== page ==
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Toyota launches Pixis Epoch minivehicle in Japan; 70 mpg US for <$10K

Toyota Motor Corporation (TMC) launched the Pixis Epoch—the second passenger minivehicle to be sold under the Toyota brand—in Japan. For a starting price of ¥795,000 (US$9,370), the gasoline-fueled Pixis Epoch offers fuel economy of 30.0 km/L (70.6 mpg US) under the Japanese Ministry of Land, Infrastructure, Transport and Tourism (MLIT) JC08 test cycle. CO2 emissions are 77 g/km.

Pixis Epoch G (Front-wheel drive model). Click to enlarge.

The Pixis Epoch represents the fourth vehicle supplied by Daihatsu Motor Co., Ltd. to TMC under a minivehicle OEM agreement reached in September 2010.

All models are equipped with the eco-IDLE system—an idling-stop function that shuts off the engine as the vehicle comes to a stop (approximately 7 km/h or less)—and other fuel-saving features.

All models exceed the MLIT 2015 fuel efficiency standards by 20%, and in combination with certification for emissions levels 75% lower than the 2005 standards of the MLIT approval system for low-emission vehicles, the Pixis Epoch is eligible for tax reductions under the Japanese government's tax incentive program for environment-friendly vehicles.

The compact body (length of 3,395 mm, width of 1,475 mm and height of 1,500 mm) enables the Pixis Epoch to park in low-clearance parking areas, while the interior allows space for four adults. With a minimum turning radius of 4.4 m, the Pixis Epoch comfortably navigates sharp corners on narrow roads, minimizes fuss when parking and provides excellent maneuverability in everyday driving.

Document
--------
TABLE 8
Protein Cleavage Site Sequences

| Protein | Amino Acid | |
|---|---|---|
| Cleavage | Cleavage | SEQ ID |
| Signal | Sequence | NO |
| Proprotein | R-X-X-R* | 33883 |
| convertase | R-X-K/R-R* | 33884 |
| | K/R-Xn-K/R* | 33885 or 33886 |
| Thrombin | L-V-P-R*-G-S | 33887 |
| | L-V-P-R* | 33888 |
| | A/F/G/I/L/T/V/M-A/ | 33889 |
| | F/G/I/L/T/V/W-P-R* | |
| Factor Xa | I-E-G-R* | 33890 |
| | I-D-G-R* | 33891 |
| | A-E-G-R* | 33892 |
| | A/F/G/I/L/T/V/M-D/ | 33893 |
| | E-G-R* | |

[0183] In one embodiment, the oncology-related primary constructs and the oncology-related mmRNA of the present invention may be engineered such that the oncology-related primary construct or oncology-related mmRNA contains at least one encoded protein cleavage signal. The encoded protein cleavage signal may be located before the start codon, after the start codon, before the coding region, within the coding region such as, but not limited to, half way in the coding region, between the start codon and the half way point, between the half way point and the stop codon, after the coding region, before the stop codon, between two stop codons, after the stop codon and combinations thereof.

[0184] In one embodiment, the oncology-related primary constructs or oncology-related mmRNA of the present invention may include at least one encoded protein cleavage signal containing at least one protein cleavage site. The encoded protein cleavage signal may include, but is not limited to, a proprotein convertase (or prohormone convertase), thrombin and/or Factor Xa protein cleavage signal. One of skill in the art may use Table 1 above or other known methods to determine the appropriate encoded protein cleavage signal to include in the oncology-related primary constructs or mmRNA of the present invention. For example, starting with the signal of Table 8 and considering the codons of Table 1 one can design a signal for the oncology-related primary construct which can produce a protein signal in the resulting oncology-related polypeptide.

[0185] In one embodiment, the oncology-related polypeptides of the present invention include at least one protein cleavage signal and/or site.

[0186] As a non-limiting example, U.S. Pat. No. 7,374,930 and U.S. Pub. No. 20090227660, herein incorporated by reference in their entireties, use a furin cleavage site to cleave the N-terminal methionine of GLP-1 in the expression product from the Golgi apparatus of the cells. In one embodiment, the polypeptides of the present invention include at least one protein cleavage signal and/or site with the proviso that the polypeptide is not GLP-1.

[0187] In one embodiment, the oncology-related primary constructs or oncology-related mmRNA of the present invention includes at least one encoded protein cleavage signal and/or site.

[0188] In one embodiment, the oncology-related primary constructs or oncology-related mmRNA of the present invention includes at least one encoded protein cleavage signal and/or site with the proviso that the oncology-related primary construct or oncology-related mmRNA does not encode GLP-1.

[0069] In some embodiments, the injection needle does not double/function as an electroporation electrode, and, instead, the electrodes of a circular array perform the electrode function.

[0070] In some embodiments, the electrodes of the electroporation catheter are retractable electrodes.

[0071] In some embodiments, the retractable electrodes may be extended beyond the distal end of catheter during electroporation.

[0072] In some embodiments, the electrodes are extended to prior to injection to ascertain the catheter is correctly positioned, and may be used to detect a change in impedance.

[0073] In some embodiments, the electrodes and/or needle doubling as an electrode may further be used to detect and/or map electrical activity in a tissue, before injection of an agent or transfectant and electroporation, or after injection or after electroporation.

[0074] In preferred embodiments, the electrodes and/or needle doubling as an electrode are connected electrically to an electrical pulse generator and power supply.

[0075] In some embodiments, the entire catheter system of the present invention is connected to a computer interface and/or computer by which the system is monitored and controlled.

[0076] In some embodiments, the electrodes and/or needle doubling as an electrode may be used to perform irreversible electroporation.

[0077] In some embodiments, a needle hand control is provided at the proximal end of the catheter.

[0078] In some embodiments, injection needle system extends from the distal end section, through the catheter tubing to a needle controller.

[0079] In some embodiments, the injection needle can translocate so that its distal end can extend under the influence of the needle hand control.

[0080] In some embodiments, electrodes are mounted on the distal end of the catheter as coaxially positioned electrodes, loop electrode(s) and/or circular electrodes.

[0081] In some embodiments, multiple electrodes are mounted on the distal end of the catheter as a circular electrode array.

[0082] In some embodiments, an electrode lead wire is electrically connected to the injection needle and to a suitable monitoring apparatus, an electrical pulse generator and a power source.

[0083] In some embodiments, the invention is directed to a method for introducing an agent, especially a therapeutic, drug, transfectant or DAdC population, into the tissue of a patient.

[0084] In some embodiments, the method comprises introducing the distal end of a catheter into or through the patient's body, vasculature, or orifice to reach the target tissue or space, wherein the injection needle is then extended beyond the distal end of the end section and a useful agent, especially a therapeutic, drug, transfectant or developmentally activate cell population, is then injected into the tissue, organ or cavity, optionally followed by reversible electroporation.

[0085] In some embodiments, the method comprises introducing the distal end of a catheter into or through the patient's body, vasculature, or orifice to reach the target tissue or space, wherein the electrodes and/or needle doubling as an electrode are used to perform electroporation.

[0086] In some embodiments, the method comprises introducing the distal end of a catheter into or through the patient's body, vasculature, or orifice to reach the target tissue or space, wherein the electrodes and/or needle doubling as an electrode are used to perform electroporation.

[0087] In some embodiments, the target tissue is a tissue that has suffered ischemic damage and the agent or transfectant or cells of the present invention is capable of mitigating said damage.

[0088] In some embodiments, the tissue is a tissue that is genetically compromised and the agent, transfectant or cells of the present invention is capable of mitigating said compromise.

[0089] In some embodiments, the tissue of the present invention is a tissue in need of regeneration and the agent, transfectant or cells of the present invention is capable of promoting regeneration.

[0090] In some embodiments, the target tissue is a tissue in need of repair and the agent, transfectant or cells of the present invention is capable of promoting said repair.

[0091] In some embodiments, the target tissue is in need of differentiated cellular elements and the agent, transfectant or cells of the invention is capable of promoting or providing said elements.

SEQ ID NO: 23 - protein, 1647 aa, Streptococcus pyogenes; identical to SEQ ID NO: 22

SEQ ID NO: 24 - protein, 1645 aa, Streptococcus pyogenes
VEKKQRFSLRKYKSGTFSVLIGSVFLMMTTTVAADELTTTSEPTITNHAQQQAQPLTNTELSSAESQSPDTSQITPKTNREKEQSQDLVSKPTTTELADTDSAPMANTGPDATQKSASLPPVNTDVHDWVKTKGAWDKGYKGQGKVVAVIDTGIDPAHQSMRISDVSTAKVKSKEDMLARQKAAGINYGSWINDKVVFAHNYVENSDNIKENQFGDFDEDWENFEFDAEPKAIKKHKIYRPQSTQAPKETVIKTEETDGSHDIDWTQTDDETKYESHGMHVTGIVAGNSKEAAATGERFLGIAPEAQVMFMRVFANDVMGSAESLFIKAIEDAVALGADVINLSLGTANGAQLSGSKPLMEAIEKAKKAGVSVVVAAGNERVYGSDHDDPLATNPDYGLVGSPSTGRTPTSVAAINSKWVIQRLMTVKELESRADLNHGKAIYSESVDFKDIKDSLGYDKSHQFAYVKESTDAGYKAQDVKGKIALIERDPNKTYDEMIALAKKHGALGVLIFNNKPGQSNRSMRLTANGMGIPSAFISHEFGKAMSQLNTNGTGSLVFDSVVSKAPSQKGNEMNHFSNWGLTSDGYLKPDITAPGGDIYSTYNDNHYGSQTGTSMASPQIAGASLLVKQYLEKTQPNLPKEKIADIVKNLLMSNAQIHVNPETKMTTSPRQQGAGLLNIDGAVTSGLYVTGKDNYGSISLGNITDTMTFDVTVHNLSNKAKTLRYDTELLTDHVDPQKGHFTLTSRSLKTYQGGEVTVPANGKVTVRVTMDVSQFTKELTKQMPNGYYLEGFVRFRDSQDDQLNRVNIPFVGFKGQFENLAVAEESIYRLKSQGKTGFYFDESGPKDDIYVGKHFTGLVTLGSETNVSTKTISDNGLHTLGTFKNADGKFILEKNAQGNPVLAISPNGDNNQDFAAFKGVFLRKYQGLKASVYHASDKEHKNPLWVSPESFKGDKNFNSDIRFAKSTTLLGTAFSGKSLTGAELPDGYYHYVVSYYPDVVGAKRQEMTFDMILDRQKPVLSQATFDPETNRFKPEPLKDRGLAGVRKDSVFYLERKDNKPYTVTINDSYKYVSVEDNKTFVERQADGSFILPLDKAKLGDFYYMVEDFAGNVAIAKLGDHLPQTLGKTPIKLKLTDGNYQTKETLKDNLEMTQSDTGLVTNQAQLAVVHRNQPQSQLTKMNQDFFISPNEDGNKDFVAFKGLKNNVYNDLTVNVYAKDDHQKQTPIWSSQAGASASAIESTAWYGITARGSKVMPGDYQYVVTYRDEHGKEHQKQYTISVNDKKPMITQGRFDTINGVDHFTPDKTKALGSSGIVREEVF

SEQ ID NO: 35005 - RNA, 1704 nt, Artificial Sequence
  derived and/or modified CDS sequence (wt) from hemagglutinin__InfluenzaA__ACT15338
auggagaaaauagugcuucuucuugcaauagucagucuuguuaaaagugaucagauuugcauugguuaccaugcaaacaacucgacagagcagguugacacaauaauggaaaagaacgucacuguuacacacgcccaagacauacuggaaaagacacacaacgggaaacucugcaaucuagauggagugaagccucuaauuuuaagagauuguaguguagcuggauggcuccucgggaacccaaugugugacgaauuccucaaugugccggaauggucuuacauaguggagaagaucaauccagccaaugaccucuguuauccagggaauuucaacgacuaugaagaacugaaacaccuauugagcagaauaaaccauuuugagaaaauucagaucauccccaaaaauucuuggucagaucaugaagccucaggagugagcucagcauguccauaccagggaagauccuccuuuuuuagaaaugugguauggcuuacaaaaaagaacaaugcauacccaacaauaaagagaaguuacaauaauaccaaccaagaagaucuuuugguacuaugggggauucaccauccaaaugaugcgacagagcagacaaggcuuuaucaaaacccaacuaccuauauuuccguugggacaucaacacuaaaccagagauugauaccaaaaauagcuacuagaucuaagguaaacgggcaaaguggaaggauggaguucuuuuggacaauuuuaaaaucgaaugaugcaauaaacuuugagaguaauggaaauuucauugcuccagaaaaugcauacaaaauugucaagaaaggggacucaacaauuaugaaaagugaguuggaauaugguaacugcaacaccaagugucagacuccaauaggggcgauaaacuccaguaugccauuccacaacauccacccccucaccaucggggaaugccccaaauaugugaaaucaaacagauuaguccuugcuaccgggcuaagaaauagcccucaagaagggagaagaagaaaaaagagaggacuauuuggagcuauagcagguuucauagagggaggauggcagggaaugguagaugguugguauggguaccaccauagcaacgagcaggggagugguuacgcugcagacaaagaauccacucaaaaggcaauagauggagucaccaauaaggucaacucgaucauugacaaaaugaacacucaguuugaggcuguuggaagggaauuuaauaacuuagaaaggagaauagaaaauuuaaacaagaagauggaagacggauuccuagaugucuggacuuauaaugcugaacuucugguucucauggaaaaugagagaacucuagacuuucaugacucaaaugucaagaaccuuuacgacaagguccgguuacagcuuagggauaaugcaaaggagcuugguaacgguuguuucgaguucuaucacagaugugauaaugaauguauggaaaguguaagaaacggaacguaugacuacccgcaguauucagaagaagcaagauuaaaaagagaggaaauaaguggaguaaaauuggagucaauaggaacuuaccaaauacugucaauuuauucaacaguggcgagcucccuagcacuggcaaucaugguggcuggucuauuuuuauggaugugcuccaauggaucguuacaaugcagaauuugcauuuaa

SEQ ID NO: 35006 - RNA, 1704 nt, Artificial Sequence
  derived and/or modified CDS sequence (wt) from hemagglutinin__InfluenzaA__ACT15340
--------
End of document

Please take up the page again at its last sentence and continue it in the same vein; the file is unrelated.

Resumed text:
The JC08 is notoriously lax.
I don't know how many mpg this will get in the real world, but it won't be 70mpg.


The low 77g/Km CO2 emission indicates a very low fuel consumption car, i.e. even much better than the Prius III with 99 g/Km. This could be a common sense city car, specially in Japan, Europe and many other countries with narrow streets and many people (97%) in USA/Canada with lower and lower relative net earnings.


Since 8 years of election fraud and WMDwars cut middle class worth in half, maybe - like motorcycles - we should let in minivehicles.

India proved that autos need only cost a couple $thousand(Nano) and the Feds need the $100 million testing fees per model for further barring inexpensive US consumer vehicle options.


"This could be a common sense city car" - it sure is.

It is interesting that Toyota are branding it Toyota and not Diahatsu which used to sell/make the Toyota Kei cars. They must be pleased with it.

Will people buy it in the West - I don't know - maybe in cities - it would be more at home in London than Nebraska.

However, I could see it selling very well in the developing world - as long as they are able to get it into the countries without too much tax.

It would destroy the Nano - Toyota branded and looks like a real (if small) car.

This the 3rd way of reducing CO2: Electric/hybrid, Diesel, small - and by far the cheapest.


Yes Mahonj...with the price of food, homes, fuel, energy, health care, communications etc going up and salaries/pensions staying flat, many of us may have to go back to basic (2-cheveaux style) 60+ mpg transport vehicles, at least for the next decade or two or until such time as wealth is better distributed.


It is basic, but it will have all mod cons - stereo, AC, etc etc.
Basic motoring in the 201x's is a lot less basic than Basic motoring in the '60's and 70's.
It may take a while before the wealth is better distributed.

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